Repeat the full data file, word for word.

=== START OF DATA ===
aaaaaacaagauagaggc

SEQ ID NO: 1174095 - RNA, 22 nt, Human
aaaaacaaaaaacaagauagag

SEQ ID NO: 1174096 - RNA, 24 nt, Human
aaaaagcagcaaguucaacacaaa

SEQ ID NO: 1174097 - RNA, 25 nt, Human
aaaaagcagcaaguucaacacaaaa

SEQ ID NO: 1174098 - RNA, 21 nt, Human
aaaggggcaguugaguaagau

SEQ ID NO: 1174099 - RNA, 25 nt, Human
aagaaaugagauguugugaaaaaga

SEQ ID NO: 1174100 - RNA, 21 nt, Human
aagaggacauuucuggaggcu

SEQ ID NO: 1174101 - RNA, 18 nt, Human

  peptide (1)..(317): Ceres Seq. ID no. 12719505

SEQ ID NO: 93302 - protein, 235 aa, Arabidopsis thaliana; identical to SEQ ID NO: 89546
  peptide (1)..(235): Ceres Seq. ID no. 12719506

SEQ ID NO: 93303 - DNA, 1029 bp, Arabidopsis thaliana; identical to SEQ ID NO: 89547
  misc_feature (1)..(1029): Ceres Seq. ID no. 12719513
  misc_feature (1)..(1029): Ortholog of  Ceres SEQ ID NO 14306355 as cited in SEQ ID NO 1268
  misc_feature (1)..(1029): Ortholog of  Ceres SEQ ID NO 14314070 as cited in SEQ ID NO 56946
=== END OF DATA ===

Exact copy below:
aaaaaacaagauagaggc

SEQ ID NO: 1174095 - RNA, 22 nt, Human
aaaaacaaaaaacaagauagag

SEQ ID NO: 1174096 - RNA, 24 nt, Human
aaaaagcagcaaguucaacacaaa

SEQ ID NO: 1174097 - RNA, 25 nt, Human
aaaaagcagcaaguucaacacaaaa

SEQ ID NO: 1174098 - RNA, 21 nt, Human
aaaggggcaguugaguaagau

SEQ ID NO: 1174099 - RNA, 25 nt, Human
aagaaaugagauguugugaaaaaga

SEQ ID NO: 1174100 - RNA, 21 nt, Human
aagaggacauuucuggaggcu

SEQ ID NO: 1174101 - RNA, 18 nt, Human

  peptide (1)..(317): Ceres Seq. ID no. 12719505

SEQ ID NO: 93302 - protein, 235 aa, Arabidopsis thaliana; identical to SEQ ID NO: 89546
  peptide (1)..(235): Ceres Seq. ID no. 12719506

SEQ ID NO: 93303 - DNA, 1029 bp, Arabidopsis thaliana; identical to SEQ ID NO: 89547
  misc_feature (1)..(1029): Ceres Seq. ID no. 12719513
  misc_feature (1)..(1029): Ortholog of  Ceres SEQ ID NO 14306355 as cited in SEQ ID NO 1268
  misc_feature (1)..(1029): Ortholog of  Ceres SEQ ID NO 14314070 as cited in SEQ ID NO 56946